Graffiti good and bad

As I’ve said before, I love graffiti.

In Paris, I saw both the good and the bad. I think the left example is bad. A really picturesque neighborhood was hurt by that personal expression. (And interestingly, it was about six stories above street level, so very few people see it.)

The poster, however, had very creatively applied graffiti.

What are some examples of good and bad graffiti you’ve seen?

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Focus on the majors

Two of my kids are wearing braces. They use these little rubber bands. Those bands end up all over the house. The car. The driveway.

It drives me crazy, as I’m related to Monk. So I could whine about that to my sons. Or demand that they pick them up and dispose of them. (I’ve done both.)

Or I could let it drop.

I’ve tried to change their behavior on this. No luck. I realized that I needed to step back and spend my critical energy on things that are far more important. They can only take in so much criticism, so I need to use it wisely.

Even if you’re not a parent, you can apply this to just about any relationship. Go forth and do so.

And you have to really look carefully at the photo to see just how small the rubber band is (5 mm or .2″.)

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Living in Alaska

This is a guest post from Barb Moody, who moved to Alaska last year with her husband and three of their four kids. (Their oldest is continuing his college experience in Illinois.) The photo is two of their sons, taken in October 2010.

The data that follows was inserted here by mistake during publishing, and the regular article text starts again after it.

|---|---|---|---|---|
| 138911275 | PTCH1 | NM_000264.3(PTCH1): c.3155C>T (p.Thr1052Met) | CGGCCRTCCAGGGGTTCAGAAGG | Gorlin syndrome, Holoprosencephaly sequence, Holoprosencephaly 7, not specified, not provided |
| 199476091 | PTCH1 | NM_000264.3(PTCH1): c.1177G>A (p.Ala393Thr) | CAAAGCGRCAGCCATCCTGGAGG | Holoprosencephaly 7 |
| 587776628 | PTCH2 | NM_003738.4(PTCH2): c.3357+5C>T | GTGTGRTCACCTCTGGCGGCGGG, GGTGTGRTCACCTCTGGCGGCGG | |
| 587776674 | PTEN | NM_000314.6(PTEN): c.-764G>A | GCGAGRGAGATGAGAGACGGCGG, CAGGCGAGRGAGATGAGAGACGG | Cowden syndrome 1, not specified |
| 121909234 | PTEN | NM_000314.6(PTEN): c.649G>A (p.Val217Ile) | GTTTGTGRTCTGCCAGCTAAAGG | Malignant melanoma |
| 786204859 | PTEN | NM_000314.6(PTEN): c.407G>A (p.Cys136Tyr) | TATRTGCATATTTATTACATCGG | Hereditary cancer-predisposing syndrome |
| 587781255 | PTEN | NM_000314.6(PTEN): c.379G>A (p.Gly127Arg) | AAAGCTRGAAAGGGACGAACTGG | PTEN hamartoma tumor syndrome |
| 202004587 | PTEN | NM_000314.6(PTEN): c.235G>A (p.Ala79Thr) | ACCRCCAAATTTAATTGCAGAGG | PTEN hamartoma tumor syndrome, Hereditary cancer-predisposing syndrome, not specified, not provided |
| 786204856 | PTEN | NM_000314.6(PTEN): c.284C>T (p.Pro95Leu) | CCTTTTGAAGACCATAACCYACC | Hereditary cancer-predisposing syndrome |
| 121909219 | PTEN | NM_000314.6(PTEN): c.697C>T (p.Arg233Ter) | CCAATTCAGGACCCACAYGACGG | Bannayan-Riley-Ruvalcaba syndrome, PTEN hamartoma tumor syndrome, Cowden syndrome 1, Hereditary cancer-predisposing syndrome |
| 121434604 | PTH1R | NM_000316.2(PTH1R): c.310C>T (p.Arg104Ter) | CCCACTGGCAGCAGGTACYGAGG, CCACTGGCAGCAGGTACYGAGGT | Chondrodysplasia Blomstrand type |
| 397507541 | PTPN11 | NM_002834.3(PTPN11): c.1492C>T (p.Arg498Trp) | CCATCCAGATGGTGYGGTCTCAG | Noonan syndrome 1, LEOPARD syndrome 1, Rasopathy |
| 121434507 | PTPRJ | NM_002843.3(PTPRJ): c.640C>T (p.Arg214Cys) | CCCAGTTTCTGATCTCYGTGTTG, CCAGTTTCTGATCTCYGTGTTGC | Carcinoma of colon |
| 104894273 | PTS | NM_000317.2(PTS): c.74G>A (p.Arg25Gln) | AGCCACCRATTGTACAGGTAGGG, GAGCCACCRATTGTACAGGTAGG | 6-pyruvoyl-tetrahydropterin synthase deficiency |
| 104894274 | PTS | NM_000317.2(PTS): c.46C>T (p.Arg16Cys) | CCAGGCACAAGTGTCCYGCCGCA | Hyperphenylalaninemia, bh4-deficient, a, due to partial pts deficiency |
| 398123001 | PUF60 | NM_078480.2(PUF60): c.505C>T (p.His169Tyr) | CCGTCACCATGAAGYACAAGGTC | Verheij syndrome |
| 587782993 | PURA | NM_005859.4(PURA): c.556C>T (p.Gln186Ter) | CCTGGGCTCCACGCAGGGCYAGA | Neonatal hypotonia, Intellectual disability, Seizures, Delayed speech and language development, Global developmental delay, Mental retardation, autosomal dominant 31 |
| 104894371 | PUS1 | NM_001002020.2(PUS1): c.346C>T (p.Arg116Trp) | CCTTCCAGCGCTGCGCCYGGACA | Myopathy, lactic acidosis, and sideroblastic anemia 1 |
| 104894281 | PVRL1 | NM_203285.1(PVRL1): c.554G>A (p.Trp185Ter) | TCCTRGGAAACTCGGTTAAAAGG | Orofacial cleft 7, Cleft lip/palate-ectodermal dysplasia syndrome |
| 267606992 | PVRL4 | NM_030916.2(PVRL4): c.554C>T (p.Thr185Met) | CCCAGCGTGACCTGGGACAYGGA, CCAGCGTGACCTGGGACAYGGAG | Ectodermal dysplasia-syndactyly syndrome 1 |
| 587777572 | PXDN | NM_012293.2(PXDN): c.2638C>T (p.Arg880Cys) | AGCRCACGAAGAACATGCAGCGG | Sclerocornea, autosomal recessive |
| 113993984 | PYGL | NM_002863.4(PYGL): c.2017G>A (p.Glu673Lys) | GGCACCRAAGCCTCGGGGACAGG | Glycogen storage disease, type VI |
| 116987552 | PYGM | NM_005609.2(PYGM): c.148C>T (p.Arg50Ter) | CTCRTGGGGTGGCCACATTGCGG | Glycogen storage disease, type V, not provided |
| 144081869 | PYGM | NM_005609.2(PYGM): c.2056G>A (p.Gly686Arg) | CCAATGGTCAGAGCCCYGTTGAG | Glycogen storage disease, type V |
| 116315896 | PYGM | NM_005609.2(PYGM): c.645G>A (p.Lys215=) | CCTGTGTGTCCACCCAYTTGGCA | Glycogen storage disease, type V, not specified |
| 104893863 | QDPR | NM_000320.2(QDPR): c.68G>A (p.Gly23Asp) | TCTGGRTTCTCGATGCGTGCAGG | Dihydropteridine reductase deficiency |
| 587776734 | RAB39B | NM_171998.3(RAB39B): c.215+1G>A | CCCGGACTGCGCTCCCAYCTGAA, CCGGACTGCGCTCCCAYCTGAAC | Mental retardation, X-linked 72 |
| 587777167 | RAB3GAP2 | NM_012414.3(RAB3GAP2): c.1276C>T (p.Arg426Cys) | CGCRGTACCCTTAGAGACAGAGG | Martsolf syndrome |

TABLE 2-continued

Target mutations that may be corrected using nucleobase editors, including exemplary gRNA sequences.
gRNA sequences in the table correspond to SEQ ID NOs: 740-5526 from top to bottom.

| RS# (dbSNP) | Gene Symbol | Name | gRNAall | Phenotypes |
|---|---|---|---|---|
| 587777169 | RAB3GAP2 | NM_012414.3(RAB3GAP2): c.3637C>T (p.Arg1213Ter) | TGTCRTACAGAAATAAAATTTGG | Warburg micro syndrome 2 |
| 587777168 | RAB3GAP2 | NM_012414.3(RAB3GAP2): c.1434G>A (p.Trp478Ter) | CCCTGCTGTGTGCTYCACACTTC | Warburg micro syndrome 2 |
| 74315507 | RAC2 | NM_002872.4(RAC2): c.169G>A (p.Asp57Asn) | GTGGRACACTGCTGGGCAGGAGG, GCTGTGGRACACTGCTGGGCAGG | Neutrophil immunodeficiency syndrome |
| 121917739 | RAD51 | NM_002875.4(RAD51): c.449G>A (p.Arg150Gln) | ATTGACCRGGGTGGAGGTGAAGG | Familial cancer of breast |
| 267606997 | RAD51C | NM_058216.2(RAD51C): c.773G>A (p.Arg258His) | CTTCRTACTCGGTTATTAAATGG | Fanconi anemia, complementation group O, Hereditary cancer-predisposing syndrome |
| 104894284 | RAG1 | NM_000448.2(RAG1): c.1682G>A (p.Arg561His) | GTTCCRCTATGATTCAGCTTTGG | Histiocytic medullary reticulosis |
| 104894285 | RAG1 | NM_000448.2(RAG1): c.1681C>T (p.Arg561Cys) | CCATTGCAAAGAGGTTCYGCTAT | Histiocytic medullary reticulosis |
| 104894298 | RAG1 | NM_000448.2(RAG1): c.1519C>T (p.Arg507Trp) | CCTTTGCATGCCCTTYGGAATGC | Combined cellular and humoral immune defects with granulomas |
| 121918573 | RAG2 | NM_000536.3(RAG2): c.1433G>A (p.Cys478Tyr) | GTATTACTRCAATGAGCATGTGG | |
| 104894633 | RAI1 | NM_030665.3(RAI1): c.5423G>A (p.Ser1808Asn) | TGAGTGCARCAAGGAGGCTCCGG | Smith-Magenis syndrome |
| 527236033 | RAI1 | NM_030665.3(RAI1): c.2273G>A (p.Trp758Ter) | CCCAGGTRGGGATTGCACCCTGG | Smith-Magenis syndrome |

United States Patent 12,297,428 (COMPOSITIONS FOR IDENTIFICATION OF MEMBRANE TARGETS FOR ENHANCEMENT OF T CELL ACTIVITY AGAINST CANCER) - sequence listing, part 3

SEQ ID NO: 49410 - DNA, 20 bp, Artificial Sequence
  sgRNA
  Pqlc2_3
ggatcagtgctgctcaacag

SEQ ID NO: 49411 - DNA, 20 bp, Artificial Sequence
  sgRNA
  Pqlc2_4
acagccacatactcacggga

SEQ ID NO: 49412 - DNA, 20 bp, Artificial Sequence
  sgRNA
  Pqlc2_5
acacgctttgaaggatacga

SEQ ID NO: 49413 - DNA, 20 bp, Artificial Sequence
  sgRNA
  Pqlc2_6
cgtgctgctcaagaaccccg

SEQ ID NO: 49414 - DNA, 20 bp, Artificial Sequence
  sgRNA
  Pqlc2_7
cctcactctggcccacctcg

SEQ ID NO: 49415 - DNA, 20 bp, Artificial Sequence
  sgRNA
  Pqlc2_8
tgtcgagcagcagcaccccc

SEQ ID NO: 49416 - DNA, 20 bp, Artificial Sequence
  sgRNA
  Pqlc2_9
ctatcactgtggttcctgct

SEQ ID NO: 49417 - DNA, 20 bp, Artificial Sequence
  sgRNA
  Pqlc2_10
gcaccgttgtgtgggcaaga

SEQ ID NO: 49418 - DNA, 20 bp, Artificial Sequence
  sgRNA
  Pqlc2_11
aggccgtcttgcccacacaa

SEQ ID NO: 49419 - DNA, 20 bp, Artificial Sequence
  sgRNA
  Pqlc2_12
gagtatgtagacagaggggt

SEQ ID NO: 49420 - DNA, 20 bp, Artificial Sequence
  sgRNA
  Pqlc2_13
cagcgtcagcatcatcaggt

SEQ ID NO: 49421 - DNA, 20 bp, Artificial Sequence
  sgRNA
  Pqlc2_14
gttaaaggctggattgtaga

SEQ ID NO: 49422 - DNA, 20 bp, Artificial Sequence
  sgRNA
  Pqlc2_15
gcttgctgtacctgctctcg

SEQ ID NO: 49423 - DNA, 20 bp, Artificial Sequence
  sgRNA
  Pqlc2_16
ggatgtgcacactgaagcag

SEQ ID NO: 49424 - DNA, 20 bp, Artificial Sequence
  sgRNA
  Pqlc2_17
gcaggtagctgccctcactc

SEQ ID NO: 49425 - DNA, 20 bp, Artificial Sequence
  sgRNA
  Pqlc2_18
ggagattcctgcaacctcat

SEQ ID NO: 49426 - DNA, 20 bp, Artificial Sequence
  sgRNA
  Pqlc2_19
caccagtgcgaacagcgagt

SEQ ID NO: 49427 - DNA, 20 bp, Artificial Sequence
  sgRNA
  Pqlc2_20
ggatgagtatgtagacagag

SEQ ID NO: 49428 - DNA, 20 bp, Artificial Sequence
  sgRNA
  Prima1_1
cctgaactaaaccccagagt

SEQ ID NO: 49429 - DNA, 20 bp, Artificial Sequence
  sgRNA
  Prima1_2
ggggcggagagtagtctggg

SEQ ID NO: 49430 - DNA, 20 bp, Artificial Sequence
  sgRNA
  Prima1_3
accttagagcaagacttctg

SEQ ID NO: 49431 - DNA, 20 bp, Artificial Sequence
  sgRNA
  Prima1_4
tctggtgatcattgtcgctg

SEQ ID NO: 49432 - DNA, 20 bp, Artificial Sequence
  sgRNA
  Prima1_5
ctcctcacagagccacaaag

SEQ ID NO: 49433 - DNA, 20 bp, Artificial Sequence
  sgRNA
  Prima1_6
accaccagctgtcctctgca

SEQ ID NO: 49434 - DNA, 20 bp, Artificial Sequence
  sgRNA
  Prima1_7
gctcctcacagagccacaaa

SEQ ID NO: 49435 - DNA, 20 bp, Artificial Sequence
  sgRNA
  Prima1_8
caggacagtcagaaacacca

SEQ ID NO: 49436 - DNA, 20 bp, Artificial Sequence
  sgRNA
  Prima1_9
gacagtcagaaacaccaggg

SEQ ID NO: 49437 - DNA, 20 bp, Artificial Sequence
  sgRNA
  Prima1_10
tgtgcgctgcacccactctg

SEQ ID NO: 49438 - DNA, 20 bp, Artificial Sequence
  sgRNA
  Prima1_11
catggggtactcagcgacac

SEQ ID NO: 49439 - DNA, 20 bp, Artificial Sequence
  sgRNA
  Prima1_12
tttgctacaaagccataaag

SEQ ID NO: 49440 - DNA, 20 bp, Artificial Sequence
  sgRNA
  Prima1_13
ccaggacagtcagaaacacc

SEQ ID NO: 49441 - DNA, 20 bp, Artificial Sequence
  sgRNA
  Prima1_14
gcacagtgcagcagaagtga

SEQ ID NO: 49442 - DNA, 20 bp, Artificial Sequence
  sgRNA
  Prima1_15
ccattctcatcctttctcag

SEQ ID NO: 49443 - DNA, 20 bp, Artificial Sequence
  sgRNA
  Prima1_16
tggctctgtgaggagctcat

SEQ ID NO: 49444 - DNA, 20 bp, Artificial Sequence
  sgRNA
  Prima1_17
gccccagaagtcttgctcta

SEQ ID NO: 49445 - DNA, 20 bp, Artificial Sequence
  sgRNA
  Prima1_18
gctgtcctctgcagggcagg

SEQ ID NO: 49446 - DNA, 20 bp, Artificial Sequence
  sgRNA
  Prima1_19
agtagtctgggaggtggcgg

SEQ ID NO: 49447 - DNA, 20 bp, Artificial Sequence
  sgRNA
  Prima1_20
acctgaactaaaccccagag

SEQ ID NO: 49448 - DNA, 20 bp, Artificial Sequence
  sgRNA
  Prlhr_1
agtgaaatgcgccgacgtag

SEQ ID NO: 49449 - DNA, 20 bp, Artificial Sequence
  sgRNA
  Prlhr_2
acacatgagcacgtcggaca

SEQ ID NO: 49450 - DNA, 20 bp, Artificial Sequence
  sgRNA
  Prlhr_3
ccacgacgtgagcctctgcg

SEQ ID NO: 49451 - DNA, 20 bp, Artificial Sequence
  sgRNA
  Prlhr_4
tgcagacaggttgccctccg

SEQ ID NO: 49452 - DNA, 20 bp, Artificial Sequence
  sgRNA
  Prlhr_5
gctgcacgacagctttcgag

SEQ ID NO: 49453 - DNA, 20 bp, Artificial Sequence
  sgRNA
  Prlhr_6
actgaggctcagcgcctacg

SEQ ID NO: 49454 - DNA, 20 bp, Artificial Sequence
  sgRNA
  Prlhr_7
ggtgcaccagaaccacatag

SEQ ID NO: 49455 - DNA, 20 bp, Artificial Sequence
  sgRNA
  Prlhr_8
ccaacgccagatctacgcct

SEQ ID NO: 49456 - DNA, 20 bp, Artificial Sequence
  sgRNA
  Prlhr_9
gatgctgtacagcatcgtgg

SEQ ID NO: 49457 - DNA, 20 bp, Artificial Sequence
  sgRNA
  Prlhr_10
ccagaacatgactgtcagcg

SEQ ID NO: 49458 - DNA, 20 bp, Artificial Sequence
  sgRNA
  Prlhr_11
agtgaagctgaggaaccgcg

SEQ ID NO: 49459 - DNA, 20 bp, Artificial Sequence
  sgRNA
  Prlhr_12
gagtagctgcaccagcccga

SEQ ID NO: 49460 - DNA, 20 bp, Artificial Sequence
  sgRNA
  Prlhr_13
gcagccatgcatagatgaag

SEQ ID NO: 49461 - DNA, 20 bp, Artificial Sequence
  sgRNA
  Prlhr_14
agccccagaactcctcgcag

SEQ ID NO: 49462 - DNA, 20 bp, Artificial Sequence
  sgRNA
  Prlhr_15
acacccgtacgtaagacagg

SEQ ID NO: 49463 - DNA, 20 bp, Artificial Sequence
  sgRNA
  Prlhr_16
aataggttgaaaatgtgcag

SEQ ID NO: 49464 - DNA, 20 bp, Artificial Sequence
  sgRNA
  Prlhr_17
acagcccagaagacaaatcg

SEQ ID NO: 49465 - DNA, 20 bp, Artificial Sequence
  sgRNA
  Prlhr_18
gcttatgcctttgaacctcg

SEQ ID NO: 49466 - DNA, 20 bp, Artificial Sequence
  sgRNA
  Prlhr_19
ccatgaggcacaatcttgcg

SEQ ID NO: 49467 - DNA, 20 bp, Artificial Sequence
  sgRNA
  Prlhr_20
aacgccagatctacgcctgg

The learning curve for the Moody’s has been a vertical line since moving to Fairbanks, AK last October. Change is too small of a word to describe what we’ve seen, learned, tasted, felt, smelled, and embraced. Here are a few of the new things in our lives:

A Dry Cold really isn’t bad. Fairbanks is dry, much like Denver, Colorado. When the thermometer dipped below zero (f), which is most of the winter and a few weeks into Spring, we were amazed how “warm” (okay, relatively) it felt. Late fall, temperatures hovers around 0–25. Come December, –20 is the norm. With the occasional warm spell (above zero) we are putting away the coats and just wearing the fleeces. Your body adjusts. Quickly. Now I can’t say the same for other parts of Alaska. Anchorage is on the coast and their cold is icy cold.

Alaskans are crazy for hunting, fishing, skiing, mushing, biking, snow-machining and dogs — mostly out of necessity. Hunting, fishing and gardening are a must because food is so darn expensive. A gallon of milk in Barrow is $11.50! The outdoor activities are a must so you survive the winter — cold and darkness can get you down if you don’t get your endorphins moving.

Alaskans are tough and self-sufficient. I’ll close with a story a gal told me about her first few months up here. She was living in a dry cabin (no plumbing, but heated). She tended bar and after closing she planned to bunk in the bar because she forgot to get heating oil. She mentioned this to some bar patrons. She went home the next day and found her cabin warm and oil in her tank. That night she thanked the regulars, knowing it was their kindness which came to her rescue. They hemmed and hawed yet explained, “If someone’s in need you help, someone will be there because next time it may be you that needs a hand. Always be ready to pay it forward.” But don’t take it for advantage. Alaskans are quick to say, “If you can’t take it, you can leave.” That’s the Alaskan way.

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The beauty of zoom